Paris Rose Ternent-James
Have you seen the BCITO/Trade Up advert where a group of apprentices build a house for two kids? (Google tradeup.nz if you haven’t.) One of the builders in that - 22-year-old Paris Ternent James – has become a recognisable face around Masterton. People come up to her on the work site and around town and ask, ‘are you the apprentice on the telly?’!
Paris spent the first years of high school at St Mary’s College in Auckland, before moving to Masterton’s Chanel College for Years 11 and 12. Wanting to be a sheep and beef farmer, Paris studied through Taratahi College and Massey University for her Sheep and Beef Level 3 Certificate. She also studied for a Diploma in Agriculture Level 5 before going farming, and then travelling for a while.
While Paris enjoyed many aspects of working on a sheep and beef farm, she found the job lonely (“It’s a good job, just not for me”), so she started looking around for another physical and rewarding hands-on job.
Inspired by her Mum, a Design Technology teacher, her grandfather, who made walking sticks for his mates out of oak on his property, and her brother-in-law who’s a builder, Paris enrolled with BCITO and is completing a 3-4 year apprenticeship.
As well as weekly night classes, regular bookwork and 12-weekly visits from her BCITO Training Advisor, Paris works 44 hours a week for a local building firm, learning on the job. “It’s important to find a good employer,” she says, “someone who is passionate about their job and willing to teach.”
Paris switched employers in April and is enjoying working with the team at M.B. Brown Ltd. - all guys except for her. In fact, she is one of only three female BCITO carpentry apprentices in the Wairarapa.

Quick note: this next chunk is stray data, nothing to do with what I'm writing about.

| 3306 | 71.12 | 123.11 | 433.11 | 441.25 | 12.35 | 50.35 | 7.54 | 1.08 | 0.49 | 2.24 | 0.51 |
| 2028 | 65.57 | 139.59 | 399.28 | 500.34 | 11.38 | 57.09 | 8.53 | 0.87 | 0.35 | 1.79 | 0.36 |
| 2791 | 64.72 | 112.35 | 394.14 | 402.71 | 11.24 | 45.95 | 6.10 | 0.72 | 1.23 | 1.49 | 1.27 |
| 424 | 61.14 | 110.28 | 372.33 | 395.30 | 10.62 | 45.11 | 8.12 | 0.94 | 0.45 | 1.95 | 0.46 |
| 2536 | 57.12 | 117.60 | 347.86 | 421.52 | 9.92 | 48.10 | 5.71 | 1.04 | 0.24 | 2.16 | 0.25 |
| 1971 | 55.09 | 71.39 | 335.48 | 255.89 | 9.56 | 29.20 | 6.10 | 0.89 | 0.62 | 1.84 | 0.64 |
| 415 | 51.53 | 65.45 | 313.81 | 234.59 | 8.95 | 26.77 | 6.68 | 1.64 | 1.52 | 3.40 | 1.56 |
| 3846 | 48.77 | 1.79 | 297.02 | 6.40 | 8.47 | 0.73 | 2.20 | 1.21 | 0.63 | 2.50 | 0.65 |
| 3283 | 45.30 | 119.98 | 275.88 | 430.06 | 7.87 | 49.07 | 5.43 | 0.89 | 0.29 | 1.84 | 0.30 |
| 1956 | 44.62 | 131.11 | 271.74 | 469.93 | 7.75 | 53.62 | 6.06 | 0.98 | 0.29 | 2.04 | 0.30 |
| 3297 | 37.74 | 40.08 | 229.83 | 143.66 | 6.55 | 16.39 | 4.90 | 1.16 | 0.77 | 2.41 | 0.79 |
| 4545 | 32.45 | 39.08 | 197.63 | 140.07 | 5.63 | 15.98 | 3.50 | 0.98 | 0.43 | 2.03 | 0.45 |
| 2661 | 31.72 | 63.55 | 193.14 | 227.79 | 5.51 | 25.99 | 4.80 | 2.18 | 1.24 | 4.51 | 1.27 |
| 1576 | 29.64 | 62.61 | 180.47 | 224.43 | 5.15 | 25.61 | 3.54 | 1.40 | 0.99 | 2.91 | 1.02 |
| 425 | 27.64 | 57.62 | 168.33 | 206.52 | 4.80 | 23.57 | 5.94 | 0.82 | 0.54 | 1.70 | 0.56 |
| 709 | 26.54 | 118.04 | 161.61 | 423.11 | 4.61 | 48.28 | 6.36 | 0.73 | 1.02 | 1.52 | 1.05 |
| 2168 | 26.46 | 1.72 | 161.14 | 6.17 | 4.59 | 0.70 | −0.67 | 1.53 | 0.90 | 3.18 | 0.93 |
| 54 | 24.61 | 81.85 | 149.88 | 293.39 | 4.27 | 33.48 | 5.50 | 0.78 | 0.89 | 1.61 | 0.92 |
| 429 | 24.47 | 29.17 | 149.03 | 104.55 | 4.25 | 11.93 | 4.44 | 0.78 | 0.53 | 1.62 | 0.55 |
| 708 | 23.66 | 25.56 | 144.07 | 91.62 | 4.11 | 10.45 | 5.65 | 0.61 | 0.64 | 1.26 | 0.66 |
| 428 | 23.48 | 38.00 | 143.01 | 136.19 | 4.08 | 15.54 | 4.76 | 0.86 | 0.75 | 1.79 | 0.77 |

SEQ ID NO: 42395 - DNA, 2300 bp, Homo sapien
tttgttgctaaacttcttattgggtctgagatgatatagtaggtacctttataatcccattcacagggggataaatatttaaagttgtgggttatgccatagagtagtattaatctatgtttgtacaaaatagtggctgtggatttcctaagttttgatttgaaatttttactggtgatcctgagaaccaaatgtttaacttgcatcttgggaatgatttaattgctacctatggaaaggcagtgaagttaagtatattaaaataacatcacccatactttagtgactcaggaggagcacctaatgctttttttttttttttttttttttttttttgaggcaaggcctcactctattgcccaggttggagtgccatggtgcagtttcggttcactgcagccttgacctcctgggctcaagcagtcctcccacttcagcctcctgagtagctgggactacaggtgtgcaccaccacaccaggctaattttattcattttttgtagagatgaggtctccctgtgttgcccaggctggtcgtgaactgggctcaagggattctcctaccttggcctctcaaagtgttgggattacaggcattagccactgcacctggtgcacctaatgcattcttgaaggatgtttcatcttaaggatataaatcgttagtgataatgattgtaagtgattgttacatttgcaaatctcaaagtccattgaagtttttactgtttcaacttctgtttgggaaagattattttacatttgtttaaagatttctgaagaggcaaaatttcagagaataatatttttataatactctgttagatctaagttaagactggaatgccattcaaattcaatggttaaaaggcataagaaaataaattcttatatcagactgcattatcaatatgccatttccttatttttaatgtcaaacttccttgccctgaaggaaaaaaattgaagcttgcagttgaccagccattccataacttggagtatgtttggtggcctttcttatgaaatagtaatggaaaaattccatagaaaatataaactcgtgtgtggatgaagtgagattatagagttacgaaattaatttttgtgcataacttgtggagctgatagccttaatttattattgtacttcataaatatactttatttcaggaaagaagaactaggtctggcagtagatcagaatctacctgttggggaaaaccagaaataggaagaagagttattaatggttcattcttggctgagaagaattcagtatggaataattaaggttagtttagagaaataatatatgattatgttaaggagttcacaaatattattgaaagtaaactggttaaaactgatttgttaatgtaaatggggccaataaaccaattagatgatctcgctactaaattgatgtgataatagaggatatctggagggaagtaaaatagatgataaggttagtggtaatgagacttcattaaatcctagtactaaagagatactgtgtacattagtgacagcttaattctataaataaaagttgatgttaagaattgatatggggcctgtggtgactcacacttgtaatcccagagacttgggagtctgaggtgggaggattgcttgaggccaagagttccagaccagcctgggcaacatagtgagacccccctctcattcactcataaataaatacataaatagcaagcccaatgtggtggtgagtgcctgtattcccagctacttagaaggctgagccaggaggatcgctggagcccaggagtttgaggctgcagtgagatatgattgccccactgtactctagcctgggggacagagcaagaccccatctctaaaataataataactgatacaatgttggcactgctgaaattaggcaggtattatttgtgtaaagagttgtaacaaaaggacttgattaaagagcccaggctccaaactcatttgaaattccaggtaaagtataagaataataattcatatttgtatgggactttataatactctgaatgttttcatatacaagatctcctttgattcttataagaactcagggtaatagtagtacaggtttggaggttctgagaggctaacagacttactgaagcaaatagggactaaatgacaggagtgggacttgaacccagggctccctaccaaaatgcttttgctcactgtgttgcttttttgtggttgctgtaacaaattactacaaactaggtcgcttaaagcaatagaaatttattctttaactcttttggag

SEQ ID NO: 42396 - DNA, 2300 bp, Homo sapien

Paris loves the sense of achievement that comes with building; of standing back and seeing what she’s built at the end of the day. Her work involves building and renovating houses, demolition and commercial work.
Currently the team is working on a big project, constructing a new ITM store – “It is an awesome site for an apprentice,” Paris says. “There’s lots of repetition so I’m getting lots of practice.”
As well as finding a good employer to learn from and keeping up with your bookwork once you sign up for an apprenticeship, Paris recommends taking some time to consider what aspect of a trade you want to get into and perhaps getting some work experience beforehand.
“Also, there’s no need to rush into making a decision”, she says. “Apprenticeships aren’t just for young people but if you are interested, do explore your options and get stuck in!”
While Paris is unsure where her career will take her, she says being a qualified builder offers plenty of options. “I don’t know where exactly I want to go – maybe in 10 years’ time I’d like to be a foreman or working towards a career in design.”
As far as what school subjects to take, Paris has found Hard Tech, Graphic Design, PE and Maths the most useful for a career in carpentry.
By Sara Carbery - www.leavingschool.co.nz